Since conjugates can be used for modifying a given biological response, the therapeutic agent or drug moiety is not to be construed as limited to classical chemical therapeutic agents. For example, the drug moiety may be a protein or polypeptide possessing a desired biological activity. Such proteins may include, for example, a toxin such as abrin, ricin A, pseudomonas exotoxin, or diphtheria toxin; a protein such as tumor necrosis factor, α-interferon, β-interferon, nerve growth factor, platelet derived growth factor, tissue plasminogen activator, an apoptotic agent, e.g., TNF-α, TNF-β, AIM I (See, International Publication No. WO 97/33899), AIM II (See, International Publication No. WO 97/34911), Fas Ligand (Takahashi et al., Int. Immunol., 6:1567-1574 (1994)), VEGI (See, International Publication No. WO 99/23105), a thrombotic agent or an anti-angiogenic agent, e.g., angiostatin or endostatin; or, biological response modifiers such as, for example, lymphokines, interleukin-1 (“IL-1”), interleukin-2 (“IL-2”), interleukin-6 (“IL-6”), granulocyte macrophage colony stimulating factor (“GM-CSF”), granulocyte colony stimulating factor (“G-CSF”), or other growth factors.


The following examples are offered by way of illustration and not by way of limitation.

Example 1

Production and Screening of TES-C21 and TESC-2

Male Balb/c mice were immunized several times with polyclonal human IgE purified from sera (provided by Ventrex). The IgE was combined with a suitable adjuvant. Mice were sacrificed after the last injection of immunogen and the spleens were removed for preparing single cell suspensions for fusion with myeloma cells. The spleen cells were fused with Sp2/0 cells using a fusion mixture of polyethylene glycol 1450 (Kodak), CMF-PBS and DMSO. DMEM was added after the cell suspensions were combined.

The hybridomas resulting from the fusion were then screened by enzyme-linked immunosorbent assay (ELISA) against human IgE bound to an Immulon 2 plate. One of these hybridomas produced the murine anti-IgE antibody TES-C21.

Sp 2/0 cells were co-transfected with nucleic acid sequences encoding the variable regions of TES-C21 H and L-chains, and human γ1 and κ constant regions, and aliquoted into 96 well plates for selection. Supernatants were screened for secretion of human IgG which bound to human IgE.

The transfectoma cells were adapted to growth in serum-free medium. The resulting chimeric clone TESC-2 was then purified from medium of confluent cultures using an immobilized protein A column.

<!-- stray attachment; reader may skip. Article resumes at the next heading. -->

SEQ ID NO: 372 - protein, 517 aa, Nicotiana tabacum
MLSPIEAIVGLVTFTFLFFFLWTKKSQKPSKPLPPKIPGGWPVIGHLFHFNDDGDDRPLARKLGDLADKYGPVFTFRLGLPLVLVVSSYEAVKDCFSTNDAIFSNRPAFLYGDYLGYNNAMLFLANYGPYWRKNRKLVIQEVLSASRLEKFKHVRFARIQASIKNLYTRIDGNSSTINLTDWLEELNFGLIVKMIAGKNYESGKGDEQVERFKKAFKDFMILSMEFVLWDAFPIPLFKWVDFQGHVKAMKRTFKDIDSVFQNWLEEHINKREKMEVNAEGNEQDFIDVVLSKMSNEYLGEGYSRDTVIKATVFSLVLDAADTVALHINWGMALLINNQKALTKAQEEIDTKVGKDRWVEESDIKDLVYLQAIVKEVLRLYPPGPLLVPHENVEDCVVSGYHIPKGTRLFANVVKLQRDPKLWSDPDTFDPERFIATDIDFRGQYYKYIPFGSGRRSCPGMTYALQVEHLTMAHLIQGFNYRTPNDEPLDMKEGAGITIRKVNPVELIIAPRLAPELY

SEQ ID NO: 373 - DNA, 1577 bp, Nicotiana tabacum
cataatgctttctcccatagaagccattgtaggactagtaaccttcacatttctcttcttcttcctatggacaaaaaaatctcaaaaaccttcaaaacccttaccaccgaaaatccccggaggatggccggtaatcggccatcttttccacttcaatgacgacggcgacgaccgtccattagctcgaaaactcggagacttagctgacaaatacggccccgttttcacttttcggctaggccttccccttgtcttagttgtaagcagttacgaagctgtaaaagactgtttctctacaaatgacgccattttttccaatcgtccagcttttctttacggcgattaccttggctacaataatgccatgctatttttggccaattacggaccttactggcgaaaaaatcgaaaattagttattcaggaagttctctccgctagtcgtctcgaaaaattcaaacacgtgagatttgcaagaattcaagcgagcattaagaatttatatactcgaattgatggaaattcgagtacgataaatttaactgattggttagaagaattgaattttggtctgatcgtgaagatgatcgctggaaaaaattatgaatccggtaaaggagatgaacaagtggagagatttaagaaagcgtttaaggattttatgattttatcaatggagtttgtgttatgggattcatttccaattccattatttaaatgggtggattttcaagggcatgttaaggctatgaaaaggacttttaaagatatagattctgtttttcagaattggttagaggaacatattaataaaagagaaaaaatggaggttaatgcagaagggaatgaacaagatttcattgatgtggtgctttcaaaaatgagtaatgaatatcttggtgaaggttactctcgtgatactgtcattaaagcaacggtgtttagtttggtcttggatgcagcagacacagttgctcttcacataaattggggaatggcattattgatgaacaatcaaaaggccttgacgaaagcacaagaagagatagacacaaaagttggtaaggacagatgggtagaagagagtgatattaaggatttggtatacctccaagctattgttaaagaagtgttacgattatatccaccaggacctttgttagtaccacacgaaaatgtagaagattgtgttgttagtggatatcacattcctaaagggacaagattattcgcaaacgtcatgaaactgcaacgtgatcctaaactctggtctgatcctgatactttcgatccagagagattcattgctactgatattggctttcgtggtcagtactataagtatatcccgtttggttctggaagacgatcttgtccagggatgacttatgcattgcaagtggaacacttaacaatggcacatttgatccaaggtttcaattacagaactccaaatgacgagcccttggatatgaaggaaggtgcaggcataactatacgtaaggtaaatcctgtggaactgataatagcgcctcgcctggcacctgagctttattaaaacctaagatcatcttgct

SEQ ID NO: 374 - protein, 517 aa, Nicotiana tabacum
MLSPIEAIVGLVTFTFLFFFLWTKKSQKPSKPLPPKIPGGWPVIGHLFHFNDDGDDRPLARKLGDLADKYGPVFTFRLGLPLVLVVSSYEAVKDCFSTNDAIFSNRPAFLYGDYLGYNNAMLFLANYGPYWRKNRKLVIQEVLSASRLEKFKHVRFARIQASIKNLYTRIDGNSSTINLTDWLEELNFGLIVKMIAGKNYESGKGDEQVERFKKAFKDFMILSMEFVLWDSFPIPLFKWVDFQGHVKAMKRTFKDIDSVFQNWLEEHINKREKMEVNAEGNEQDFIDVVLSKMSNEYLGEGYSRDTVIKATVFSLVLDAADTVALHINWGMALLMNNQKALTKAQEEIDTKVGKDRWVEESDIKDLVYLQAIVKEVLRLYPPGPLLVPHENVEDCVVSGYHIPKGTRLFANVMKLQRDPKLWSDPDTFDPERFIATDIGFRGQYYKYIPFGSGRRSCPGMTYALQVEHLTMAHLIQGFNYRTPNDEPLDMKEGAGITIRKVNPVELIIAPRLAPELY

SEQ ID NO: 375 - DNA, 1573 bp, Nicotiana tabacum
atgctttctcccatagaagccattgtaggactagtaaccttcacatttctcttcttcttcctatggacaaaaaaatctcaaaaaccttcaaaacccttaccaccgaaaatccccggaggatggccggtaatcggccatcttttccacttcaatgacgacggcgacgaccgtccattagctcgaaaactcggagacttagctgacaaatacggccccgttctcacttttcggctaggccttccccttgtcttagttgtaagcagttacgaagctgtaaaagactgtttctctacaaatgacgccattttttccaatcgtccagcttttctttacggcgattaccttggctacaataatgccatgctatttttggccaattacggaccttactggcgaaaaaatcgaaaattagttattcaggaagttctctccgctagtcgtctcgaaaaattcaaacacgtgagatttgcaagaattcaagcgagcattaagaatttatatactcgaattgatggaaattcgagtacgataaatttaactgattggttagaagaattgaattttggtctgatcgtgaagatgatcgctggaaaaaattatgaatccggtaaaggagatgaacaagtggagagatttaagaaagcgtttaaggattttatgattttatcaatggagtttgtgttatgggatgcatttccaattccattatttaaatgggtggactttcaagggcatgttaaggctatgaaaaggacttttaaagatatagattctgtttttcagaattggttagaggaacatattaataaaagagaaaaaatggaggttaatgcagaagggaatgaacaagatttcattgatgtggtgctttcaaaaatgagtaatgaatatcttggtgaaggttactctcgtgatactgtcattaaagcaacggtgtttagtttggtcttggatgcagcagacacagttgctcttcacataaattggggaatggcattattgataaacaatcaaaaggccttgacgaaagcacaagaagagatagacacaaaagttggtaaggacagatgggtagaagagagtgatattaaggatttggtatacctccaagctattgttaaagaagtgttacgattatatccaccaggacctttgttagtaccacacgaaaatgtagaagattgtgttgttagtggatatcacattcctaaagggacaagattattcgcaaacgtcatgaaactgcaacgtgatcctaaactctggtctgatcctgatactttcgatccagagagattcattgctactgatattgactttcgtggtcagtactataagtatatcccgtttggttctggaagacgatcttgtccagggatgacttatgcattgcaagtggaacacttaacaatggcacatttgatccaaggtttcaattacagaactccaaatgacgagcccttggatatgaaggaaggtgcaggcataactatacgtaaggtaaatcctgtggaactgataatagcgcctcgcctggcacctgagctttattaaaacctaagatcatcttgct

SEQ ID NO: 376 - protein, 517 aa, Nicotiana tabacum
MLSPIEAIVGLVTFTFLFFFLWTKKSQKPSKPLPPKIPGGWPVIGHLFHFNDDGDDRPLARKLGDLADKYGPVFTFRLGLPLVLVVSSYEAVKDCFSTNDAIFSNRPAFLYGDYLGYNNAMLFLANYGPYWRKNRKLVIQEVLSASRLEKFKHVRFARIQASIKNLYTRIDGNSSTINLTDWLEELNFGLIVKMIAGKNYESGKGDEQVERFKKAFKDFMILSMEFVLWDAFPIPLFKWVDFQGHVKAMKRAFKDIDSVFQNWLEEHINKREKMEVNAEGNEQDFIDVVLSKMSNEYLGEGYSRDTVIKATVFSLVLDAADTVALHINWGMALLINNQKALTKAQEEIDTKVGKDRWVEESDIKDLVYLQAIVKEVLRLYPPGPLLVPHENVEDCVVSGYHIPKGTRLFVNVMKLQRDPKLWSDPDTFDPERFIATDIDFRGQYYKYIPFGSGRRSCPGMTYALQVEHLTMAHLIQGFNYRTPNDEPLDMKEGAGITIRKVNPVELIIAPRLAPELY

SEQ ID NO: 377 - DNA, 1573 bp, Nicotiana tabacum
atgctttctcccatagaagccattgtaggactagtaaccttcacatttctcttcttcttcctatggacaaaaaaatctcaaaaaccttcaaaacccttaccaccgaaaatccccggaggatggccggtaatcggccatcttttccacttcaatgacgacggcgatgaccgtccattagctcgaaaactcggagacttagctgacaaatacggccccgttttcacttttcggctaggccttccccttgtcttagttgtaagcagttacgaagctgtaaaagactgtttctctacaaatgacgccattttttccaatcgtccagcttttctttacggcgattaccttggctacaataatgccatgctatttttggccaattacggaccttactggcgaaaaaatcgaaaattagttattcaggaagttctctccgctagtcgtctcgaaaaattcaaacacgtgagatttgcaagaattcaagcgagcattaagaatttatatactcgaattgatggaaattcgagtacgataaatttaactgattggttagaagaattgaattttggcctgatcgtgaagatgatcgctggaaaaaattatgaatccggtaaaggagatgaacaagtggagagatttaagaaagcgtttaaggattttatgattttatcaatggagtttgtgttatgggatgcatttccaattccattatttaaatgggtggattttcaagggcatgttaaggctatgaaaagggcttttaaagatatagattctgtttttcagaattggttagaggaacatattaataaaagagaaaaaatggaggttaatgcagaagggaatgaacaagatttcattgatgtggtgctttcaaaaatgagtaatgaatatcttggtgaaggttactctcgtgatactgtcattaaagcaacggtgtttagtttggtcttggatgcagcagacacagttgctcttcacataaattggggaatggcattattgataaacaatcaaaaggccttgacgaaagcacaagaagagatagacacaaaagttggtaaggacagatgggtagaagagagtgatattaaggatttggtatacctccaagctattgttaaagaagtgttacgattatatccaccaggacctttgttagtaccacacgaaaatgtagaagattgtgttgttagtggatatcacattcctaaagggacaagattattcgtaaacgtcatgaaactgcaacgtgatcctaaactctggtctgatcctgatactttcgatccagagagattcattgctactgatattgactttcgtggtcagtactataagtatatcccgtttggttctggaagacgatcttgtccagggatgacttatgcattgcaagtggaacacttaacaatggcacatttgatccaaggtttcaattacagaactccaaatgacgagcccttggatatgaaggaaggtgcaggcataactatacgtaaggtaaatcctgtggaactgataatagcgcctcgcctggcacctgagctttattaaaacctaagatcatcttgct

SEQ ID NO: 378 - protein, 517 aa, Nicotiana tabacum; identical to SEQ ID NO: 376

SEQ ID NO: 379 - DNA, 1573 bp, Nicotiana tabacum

TES-C21 was further screened by ELISA and confirmed to be specific for human IgE, and did not cross-react with IgG, IgM, IgA, IgD, human serum albumin, transferrin or insulin. TES-C21 bound equally well to various human IgE molecules. TES-C21 bound to the IgE-secreting cell lines SKO-007, U266 and SE44 in a dose-dependent manner, indicating binding to human membrane IgE. But TES-C21 did not bind to human B cell lines bearing surface IgM, IgD, IgG, or IgA, or to a T cell line, or to the parent murine cell line of SE44, or to a murine cell line secreting chimeric human IgG. TES-C21 also did not bind to IgE on low affinity FcεRll receptors present on a wide variety of cell types. It also did not induce histamine release from freshly prepared human blood basophils, on which the FcεRl are armed with IgE. At 10 μg/ml, TES-C21 is able to inhibit completely the binding of 1 μg of IgE to FcεRll.

Example II

Determination of Binding Selectivity

TESC-2 and TES-C21 bind equally well to IgE bound to microtiter plates. This was demonstrated as follows. Immulon 2 plates were coated with HIV-1 gp120 derived R15 K peptide-ovalbumin conjugate and SE44 (a chimeric human IgE bearing the variable regions of an antibody which binds the HIV-1 gp120 derived peptide R15K) was bound to the immobilized antigen. TES-C21 or TESC-2 at various concentrations was added. Binding was detected using either horseradish peroxidase (“HRP”)-conjugated goat antimouse IgG (for TES-C21) or HRP-goat antihuman IgG, Fc (for TESC-2). It was determined that TESC-2 and TES-C21 have the same relative affinity for IgE bound to microtiter plates.

TESC-2 and TES-C21 also were shown to bind equally to IgE-producing cells (SKO-007). This was demonstrated by incubating such cells at 2×106 cells/100 μl PBS-1% goat serum at various antibody concentrations at 0° C. for 30 minutes. Binding of TES-C21 was detected using FITC-goat (Fab)2 antimouse IgG; binding of TESC-2 was detected using FITC-goat (Fab)2 antihuman IgG. Binding was quantitated by fluorescence flow cytometry using a Coulter Epics V. The FITC intensity gate was set to yield 10% +0.5% positive cells in the absence of primary immunoglobulins.